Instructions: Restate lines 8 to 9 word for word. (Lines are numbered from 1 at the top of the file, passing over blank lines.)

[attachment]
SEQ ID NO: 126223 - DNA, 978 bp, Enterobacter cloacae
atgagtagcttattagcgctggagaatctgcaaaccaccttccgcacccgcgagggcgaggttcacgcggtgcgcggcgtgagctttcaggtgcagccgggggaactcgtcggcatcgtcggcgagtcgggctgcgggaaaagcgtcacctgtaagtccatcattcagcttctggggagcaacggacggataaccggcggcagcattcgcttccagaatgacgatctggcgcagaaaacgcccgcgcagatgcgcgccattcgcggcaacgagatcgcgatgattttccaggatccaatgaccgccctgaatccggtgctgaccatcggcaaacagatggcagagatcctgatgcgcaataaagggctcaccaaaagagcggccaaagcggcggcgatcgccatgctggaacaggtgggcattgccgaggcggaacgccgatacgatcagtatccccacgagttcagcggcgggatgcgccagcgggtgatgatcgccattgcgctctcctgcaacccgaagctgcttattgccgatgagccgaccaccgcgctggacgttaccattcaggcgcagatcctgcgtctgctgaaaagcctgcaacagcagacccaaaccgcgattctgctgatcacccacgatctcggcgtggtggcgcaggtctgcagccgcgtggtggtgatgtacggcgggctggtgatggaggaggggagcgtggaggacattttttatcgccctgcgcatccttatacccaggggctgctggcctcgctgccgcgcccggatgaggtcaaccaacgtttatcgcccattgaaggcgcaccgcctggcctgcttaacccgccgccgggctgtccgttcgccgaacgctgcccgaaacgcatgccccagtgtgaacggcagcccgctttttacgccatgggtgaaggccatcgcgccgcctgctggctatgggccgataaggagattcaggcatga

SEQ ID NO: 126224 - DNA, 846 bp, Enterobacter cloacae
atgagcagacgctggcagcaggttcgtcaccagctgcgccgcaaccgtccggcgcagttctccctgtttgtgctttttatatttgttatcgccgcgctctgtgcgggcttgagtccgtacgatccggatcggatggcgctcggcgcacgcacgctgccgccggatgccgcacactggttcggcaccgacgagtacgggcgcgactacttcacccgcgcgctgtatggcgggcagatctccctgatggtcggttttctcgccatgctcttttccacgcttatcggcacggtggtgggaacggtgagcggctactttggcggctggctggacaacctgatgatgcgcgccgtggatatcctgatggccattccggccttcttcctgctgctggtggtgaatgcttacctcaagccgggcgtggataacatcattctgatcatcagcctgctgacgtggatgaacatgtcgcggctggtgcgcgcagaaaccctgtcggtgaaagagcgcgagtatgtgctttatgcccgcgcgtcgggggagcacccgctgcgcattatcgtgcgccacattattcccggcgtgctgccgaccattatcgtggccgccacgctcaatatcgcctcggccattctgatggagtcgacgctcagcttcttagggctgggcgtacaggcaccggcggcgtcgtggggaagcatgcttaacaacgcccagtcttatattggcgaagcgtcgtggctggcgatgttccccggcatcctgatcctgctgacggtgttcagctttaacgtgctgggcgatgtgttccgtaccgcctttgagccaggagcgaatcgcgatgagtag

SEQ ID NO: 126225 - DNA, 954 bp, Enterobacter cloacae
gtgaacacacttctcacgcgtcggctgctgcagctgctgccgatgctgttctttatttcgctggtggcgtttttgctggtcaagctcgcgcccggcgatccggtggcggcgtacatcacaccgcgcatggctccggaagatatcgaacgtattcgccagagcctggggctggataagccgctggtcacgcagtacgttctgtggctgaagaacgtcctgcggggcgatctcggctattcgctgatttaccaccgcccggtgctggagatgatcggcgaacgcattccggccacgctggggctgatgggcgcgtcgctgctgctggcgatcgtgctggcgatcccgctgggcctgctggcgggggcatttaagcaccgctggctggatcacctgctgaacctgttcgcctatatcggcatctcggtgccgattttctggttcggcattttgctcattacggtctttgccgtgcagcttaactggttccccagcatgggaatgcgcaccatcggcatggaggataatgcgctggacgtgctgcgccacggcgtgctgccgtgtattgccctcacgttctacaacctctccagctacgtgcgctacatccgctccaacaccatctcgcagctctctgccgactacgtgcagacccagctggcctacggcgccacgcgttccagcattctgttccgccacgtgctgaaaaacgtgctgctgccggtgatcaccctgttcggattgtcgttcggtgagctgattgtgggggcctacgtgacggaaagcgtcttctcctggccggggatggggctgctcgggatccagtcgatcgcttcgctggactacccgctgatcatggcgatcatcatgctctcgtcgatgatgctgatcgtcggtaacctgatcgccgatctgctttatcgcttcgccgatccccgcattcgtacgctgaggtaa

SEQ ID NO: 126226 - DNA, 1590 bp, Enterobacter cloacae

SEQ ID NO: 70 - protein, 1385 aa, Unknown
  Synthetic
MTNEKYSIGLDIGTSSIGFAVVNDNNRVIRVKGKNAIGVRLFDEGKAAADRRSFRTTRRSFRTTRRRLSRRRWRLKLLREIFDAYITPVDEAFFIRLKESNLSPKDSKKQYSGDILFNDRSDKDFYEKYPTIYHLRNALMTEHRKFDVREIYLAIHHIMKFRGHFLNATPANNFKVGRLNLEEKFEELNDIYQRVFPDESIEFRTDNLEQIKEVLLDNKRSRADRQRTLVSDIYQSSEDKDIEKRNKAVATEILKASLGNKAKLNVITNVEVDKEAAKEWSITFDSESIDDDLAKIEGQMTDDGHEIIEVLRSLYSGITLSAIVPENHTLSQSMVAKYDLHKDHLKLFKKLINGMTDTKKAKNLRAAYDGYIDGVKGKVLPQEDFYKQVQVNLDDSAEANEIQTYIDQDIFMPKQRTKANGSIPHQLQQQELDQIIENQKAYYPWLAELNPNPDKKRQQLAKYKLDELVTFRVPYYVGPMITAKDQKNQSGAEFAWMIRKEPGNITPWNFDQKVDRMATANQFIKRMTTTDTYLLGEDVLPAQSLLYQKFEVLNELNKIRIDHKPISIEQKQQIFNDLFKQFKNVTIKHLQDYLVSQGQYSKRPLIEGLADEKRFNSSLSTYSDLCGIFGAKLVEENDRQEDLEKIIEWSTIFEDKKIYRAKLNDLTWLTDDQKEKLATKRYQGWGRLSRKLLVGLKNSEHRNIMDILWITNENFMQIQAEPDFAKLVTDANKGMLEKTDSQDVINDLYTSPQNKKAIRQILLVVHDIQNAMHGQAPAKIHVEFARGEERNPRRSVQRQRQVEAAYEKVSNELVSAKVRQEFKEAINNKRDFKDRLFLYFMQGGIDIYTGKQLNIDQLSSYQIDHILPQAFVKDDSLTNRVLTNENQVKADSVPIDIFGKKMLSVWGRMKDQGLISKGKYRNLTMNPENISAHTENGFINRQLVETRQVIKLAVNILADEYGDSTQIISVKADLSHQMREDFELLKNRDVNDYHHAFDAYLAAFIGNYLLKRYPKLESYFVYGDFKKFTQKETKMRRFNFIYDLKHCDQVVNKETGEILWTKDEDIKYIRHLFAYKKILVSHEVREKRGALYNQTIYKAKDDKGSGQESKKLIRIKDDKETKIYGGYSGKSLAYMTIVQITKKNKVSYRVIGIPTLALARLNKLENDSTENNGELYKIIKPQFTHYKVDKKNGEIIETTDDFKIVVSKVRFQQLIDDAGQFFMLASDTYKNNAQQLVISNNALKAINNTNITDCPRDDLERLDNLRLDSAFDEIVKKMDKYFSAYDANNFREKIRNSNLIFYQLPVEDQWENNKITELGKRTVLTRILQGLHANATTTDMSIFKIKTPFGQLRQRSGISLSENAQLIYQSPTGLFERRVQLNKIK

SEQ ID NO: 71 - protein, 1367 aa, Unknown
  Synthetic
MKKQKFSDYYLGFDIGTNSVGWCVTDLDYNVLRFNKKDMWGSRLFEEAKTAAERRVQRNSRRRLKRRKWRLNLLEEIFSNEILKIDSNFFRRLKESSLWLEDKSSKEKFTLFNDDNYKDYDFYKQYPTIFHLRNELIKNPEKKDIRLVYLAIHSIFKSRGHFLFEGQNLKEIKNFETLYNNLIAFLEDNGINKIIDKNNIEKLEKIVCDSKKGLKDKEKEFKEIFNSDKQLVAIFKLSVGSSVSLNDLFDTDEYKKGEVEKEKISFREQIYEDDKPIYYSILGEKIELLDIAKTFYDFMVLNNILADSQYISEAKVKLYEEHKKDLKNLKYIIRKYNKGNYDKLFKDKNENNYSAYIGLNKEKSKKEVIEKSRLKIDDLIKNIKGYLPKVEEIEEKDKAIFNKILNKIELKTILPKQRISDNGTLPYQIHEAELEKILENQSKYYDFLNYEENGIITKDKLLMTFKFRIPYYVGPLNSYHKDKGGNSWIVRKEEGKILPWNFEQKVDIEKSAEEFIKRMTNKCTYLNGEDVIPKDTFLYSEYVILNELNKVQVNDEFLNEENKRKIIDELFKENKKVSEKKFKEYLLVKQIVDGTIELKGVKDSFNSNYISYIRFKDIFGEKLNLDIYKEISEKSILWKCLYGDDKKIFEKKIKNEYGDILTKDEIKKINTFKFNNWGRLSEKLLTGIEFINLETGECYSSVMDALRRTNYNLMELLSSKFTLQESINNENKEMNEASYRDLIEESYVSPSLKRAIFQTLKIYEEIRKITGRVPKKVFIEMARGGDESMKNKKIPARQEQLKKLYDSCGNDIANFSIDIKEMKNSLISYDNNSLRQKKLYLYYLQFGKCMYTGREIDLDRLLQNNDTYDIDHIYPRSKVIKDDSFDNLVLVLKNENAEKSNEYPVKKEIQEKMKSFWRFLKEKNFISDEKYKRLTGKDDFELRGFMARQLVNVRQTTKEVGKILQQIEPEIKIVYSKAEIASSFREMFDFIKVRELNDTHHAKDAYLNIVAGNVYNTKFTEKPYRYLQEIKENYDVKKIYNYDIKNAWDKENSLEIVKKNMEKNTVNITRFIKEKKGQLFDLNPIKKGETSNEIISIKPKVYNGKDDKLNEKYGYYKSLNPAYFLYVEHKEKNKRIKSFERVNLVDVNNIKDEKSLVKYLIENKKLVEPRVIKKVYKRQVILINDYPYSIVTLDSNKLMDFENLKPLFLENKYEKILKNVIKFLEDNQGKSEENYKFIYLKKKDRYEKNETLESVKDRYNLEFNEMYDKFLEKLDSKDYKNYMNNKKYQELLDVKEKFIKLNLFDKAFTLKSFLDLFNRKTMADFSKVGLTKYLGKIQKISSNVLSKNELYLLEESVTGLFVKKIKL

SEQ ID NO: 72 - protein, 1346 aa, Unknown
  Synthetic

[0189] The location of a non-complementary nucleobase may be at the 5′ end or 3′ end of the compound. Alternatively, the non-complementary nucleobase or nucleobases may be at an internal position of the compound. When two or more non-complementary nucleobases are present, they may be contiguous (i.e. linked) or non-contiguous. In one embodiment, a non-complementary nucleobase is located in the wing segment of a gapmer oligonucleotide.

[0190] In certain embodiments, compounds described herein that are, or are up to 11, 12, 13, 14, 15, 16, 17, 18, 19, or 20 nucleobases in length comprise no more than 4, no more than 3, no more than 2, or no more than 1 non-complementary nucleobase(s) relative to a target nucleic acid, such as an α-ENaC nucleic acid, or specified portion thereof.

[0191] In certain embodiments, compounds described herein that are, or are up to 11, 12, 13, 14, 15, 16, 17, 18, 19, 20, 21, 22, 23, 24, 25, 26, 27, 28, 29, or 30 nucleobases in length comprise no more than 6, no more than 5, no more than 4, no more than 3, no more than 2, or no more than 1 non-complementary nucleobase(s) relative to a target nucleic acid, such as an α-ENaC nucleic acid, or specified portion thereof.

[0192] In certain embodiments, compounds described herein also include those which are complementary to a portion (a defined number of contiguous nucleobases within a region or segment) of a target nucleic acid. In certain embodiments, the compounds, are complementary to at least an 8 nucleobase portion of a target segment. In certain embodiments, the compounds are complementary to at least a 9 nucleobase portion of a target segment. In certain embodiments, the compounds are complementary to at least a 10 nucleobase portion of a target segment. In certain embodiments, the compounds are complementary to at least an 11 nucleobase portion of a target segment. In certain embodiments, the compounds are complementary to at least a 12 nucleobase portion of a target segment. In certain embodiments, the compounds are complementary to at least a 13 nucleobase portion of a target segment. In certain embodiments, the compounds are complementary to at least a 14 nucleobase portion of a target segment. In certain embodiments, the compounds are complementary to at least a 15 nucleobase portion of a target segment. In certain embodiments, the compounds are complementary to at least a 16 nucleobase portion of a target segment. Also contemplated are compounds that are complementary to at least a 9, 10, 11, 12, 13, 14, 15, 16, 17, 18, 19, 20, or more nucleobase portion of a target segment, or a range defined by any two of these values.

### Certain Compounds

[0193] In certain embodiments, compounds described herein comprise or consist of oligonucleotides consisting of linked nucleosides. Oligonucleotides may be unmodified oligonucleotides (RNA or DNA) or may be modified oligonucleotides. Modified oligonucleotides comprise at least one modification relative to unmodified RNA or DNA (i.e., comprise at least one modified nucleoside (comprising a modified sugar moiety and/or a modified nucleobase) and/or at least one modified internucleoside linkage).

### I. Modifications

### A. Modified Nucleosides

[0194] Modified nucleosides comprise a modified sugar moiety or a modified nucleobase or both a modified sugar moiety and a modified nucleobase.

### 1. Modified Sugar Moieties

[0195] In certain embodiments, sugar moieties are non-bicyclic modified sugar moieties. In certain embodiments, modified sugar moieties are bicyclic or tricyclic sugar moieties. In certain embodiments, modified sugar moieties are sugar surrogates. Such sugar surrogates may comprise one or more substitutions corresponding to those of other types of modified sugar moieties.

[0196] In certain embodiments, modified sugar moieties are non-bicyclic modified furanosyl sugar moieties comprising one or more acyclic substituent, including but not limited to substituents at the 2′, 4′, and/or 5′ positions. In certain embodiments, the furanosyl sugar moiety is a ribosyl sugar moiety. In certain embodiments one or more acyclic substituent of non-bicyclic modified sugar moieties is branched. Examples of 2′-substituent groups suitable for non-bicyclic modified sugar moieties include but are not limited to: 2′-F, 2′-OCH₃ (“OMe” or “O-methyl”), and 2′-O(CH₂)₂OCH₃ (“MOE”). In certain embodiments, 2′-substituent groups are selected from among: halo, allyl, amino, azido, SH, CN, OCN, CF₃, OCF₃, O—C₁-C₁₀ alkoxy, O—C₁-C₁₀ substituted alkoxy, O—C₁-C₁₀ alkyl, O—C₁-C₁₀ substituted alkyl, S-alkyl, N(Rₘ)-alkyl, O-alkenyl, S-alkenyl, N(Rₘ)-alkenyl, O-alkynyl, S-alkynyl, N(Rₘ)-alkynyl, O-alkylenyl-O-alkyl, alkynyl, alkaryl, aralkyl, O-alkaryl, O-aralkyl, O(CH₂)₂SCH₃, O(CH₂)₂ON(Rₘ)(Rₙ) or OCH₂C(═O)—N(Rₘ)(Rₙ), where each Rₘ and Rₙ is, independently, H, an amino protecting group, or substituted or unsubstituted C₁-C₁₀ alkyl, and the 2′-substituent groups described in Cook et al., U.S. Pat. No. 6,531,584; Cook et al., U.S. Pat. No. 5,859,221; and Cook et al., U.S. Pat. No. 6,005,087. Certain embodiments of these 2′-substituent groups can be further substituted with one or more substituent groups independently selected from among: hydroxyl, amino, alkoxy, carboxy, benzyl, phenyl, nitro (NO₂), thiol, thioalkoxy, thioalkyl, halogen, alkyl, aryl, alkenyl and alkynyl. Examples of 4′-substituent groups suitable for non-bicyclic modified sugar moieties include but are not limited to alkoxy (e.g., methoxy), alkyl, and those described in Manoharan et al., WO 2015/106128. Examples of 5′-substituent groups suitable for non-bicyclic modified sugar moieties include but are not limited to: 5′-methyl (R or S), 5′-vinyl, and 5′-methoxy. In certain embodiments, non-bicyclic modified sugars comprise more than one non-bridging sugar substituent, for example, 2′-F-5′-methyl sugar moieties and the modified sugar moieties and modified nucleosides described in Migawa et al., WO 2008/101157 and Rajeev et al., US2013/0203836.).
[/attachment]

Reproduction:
SEQ ID NO: 70 - protein, 1385 aa, Unknown
  Synthetic